Cat Creek Hills
On 14 May 2011, Dinah Kruze and Bob Spirko invited me to join them for a hike up Cat Creek Hills in the Highwood Region of Alberta’s Kananaskis Country.  This hike is described in Gillean Daffern’s Kananaskis Country Trail Guide (3rd Edition, Volume 2).  Because Highway 40 was still closed to motorized vehicles, we had to walk an extra couple of kilometres to get to the start of the hike.  We actually missed the access road on the way in, but Bob expertly guided us onto the correct ridge after we stumbled across the road a short distance in from the highway.  Once on the ridge, we had no further route-finding issues, and despite having to step around scores of elk poop everywhere, we easily gained the first and lower of two significant high points we would visit on this day.  Reaching the second high point was much more problematic as we had to contend with significant elevation losses, deep snow patches, and an increasingly uncomfortable wind.  With trees disappointingly obscuring much of the views from the second high point, we did not linger too long and backtracked a bit before stopping for a short lunch break.  Mostly retracing our steps, we had no issues on our return trip and capped our fine outing with a visit to a delightful bakery in the town of Black Diamond.

Be sure to check out Bob's photos here.
I easily could have driven around the gate! Dinah and Bob start off along Highway 40 at the seasonal gate near Highwood House.
This should get you warmed up! Bob climbs up the hillside.
Another sign that spring is finally here. A prairie crocus blooms in the sunshine.
More to add to my to-do list... Baril Peak (left) and Mount Cornwell attract attention to the southwest.
The bump on the left is also a fine viewpoint if you're too lazy to continue. Bob and Dinah climb up the ridge toward the first high point (right).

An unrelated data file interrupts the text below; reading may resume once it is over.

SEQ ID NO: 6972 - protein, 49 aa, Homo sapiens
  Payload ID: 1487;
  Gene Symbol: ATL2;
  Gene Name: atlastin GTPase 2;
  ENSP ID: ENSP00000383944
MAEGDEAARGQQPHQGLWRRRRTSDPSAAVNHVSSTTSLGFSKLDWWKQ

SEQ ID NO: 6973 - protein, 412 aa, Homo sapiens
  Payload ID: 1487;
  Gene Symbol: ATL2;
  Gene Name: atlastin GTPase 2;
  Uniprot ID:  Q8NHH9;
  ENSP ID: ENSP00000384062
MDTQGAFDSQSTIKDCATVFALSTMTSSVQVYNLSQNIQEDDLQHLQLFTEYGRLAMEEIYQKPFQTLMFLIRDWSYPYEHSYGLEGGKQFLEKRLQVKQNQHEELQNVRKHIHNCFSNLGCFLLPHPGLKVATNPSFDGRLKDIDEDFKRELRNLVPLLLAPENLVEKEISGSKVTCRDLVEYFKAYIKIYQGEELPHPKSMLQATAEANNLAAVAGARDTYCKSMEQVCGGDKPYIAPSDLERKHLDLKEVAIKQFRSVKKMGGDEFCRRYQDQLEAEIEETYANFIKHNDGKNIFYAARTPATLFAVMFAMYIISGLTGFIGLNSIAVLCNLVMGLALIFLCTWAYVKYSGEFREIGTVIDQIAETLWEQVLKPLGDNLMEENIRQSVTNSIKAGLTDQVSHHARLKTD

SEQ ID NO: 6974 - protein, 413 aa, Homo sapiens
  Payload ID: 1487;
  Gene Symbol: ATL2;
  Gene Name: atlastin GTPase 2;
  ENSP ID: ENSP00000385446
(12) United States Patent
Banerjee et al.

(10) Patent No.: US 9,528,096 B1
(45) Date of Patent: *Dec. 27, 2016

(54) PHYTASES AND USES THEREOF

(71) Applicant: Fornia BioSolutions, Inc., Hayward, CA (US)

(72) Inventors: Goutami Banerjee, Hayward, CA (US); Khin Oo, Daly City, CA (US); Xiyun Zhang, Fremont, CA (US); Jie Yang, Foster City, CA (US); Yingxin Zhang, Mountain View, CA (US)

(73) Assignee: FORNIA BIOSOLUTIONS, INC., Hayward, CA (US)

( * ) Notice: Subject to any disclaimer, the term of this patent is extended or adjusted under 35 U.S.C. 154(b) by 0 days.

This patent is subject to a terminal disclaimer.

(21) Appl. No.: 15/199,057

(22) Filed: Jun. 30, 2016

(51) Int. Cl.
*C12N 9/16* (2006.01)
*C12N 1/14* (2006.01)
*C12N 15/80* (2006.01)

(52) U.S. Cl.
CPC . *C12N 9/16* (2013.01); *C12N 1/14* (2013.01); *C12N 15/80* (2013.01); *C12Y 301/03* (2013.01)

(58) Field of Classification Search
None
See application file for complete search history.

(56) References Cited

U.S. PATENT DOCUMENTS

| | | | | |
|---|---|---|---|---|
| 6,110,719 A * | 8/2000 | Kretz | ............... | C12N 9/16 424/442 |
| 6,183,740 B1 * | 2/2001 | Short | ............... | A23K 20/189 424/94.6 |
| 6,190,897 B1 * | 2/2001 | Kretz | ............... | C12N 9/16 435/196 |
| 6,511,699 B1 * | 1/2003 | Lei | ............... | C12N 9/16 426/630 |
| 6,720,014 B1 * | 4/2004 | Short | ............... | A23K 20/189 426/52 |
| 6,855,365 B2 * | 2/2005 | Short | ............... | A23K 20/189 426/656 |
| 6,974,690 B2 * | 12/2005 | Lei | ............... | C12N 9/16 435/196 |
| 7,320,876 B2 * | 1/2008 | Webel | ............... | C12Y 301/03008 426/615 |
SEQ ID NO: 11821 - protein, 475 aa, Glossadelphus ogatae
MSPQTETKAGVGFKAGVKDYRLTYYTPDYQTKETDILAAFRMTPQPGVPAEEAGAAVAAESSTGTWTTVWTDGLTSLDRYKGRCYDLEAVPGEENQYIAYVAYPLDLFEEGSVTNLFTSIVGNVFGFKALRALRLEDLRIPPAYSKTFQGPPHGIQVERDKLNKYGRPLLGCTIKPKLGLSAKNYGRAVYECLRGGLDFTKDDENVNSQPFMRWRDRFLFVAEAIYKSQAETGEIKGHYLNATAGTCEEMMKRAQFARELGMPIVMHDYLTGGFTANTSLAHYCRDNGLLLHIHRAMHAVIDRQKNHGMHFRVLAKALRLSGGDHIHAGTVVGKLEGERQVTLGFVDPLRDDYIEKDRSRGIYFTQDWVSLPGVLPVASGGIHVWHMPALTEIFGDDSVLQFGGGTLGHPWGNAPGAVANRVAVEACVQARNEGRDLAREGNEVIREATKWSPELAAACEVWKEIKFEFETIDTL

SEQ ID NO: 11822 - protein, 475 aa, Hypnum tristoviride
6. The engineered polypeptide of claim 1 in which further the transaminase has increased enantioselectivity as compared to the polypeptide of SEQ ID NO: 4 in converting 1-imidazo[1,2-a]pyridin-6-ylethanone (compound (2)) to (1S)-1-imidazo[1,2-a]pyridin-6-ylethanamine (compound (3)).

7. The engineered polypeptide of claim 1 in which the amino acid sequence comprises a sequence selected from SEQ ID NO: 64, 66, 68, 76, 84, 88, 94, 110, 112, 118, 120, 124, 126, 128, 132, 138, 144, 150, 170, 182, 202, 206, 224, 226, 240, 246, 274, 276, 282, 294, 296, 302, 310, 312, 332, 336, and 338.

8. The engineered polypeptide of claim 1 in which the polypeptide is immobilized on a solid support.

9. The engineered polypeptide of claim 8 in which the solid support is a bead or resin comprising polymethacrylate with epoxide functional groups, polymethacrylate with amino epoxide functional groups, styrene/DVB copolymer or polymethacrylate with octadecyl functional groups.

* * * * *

Another peak worth drooling over! Mount McPhail is one of the most striking peaks on the Continental Divide.
So this is where they hang out when they're not partying in Banff! Mist Mountain stands out on the horizon in this view to the north.  A herd of elk can also be seen grazing on the next hillside.
So that's where all the poop has been coming from!! Here is a closer look at the herd of elk from the previous photo.
Or else it's proof that pyramid power works! Look at how much more grass is growing under the pyramid!!! Bob examines a strange cage-like structure which is likely used to monitor the extent of grazing activity in the area.
Yeah, we could have hiked around this, but scrambling is so much more fun! Dinah and Bob scramble up a rocky section.
The best viewpoint of the day. Bob and Dinah reach the first high point (2073 metres).
Significant elevation losses and post-holing coming up! Bob looks for a way down the lee side of the first high point.
Thank heaven I wore my winter (waterproof) boots today. Dinah's and Bob's boots would eventually get soaked. Dinah and Bob post-hole through one of many lingering snow patches.
Only for masochists or purists or both. Dinah and Bob drop down another short dip before climbing up to the second high point (centre).
This would have looked much more spectacular without all the trees! Bob peers over the edge of a precipitous drop-off on the lee side of the second high point.
Yay. Bob and Dinah reach the second high point (2149 metres) with Junction Hill dominating the view to the southeast.
Of course, the cross is not visible on this side! Due east is Holy Cross Mountain.
I guess I should go bag this peak one of these days... Here is a closer look at Holy Cross Mountain.
I can't believe it's already been 6 years since I climbed Mount Head. Time flies! Mount Head is to the northeast.
That's one miserable scree bash (from the other side)! Here is a closer look at Mount Head.
I think I see one on your leg, Dinah... Dinah nervously eats her lunch while sitting on her pack on top of a snow patch.  She is worried about the marauding swarms of ticks infesting the area.
It feels good to be back in the Canadian Rockies! Here is another look at the Continental Divide from the Cat Creek Hills.
Next stop: the bakery in Black Diamond! Dinah and Bob head back down the ridge.
If anyone follows this route, I lost a black glove somewhere on the lower ridge to the west of the creek! Total Distance:  13.5 kilometres
Round-Trip Time:  6 hours 11 minutes
Total Elevation Gain:  1236 metres

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